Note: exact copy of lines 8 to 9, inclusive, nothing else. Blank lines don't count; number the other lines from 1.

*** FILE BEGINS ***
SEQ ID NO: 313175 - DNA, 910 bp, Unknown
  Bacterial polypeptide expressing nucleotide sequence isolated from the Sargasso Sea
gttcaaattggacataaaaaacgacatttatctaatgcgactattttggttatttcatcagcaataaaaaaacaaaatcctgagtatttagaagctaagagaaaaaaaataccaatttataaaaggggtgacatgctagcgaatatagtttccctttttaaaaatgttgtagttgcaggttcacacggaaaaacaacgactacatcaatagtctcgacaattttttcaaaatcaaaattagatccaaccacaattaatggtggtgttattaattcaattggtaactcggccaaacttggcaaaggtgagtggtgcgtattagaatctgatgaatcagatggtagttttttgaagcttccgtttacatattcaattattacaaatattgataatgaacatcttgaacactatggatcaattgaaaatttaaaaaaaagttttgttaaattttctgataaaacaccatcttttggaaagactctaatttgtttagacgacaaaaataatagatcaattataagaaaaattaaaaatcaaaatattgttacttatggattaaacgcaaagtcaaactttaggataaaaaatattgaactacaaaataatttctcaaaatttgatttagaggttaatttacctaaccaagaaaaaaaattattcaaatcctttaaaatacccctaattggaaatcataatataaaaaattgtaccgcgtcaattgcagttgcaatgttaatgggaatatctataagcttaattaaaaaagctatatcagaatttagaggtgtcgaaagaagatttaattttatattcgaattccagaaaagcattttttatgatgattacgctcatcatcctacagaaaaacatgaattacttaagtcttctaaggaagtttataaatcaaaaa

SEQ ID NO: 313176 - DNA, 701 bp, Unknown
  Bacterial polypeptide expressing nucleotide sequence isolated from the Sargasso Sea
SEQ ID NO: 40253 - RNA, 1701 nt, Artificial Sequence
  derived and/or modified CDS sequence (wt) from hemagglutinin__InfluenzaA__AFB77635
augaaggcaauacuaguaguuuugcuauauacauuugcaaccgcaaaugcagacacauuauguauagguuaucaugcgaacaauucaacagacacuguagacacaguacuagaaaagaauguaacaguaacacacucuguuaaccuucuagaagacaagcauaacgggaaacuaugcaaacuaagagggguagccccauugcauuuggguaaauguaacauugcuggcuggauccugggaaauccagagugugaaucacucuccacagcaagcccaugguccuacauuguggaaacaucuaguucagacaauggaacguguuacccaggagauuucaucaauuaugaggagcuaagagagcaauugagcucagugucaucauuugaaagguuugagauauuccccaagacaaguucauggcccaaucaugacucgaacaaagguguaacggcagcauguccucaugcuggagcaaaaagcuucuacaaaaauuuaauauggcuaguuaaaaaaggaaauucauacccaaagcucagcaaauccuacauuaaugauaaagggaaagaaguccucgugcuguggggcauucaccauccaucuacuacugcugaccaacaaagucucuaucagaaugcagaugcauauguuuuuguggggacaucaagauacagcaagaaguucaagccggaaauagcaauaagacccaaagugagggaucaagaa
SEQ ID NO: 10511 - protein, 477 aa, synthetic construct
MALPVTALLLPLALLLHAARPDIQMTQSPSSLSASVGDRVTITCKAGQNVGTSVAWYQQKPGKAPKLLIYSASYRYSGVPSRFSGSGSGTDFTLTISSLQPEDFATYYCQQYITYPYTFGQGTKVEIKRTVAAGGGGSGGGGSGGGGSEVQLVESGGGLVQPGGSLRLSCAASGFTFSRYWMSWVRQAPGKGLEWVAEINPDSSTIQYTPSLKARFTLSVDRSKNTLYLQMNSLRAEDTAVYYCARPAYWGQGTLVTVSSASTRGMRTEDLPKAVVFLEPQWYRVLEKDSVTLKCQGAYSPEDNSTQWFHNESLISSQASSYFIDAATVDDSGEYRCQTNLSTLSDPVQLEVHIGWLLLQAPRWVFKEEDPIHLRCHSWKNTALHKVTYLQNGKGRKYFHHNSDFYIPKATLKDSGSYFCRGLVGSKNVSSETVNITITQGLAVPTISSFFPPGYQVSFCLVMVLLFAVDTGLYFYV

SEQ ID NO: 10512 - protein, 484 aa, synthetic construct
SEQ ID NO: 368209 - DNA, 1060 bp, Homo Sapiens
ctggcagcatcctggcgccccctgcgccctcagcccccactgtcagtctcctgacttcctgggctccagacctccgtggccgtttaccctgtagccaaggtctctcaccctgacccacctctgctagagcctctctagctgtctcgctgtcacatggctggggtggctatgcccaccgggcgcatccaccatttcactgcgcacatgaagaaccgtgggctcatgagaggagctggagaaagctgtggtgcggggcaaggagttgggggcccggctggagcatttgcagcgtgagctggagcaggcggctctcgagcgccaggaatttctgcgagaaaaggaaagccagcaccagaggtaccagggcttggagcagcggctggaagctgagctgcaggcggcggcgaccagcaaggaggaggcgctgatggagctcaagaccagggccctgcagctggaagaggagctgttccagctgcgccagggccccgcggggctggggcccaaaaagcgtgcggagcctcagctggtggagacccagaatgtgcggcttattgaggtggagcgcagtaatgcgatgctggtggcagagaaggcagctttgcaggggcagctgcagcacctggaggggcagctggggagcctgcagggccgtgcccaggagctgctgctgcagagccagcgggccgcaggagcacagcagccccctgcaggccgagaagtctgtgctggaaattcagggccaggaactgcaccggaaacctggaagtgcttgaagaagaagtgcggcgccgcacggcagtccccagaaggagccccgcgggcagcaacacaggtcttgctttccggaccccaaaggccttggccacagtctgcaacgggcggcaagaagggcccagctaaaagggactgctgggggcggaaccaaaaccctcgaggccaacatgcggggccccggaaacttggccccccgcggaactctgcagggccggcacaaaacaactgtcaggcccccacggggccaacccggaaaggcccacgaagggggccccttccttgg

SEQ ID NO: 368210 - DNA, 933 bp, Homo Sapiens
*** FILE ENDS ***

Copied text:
augaaggcaauacuaguaguuuugcuauauacauuugcaaccgcaaaugcagacacauuauguauagguuaucaugcgaacaauucaacagacacuguagacacaguacuagaaaagaauguaacaguaacacacucuguuaaccuucuagaagacaagcauaacgggaaacuaugcaaacuaagagggguagccccauugcauuuggguaaauguaacauugcuggcuggauccugggaaauccagagugugaaucacucuccacagcaagcccaugguccuacauuguggaaacaucuaguucagacaauggaacguguuacccaggagauuucaucaauuaugaggagcuaagagagcaauugagcucagugucaucauuugaaagguuugagauauuccccaagacaaguucauggcccaaucaugacucgaacaaagguguaacggcagcauguccucaugcuggagcaaaaagcuucuacaaaaauuuaauauggcuaguuaaaaaaggaaauucauacccaaagcucagcaaauccuacauuaaugauaaagggaaagaaguccucgugcuguggggcauucaccauccaucuacuacugcugaccaacaaagucucuaucagaaugcagaugcauauguuuuuguggggacaucaagauacagcaagaaguucaagccggaaauagcaauaagacccaaagugagggaucaagaa
SEQ ID NO: 10511 - protein, 477 aa, synthetic construct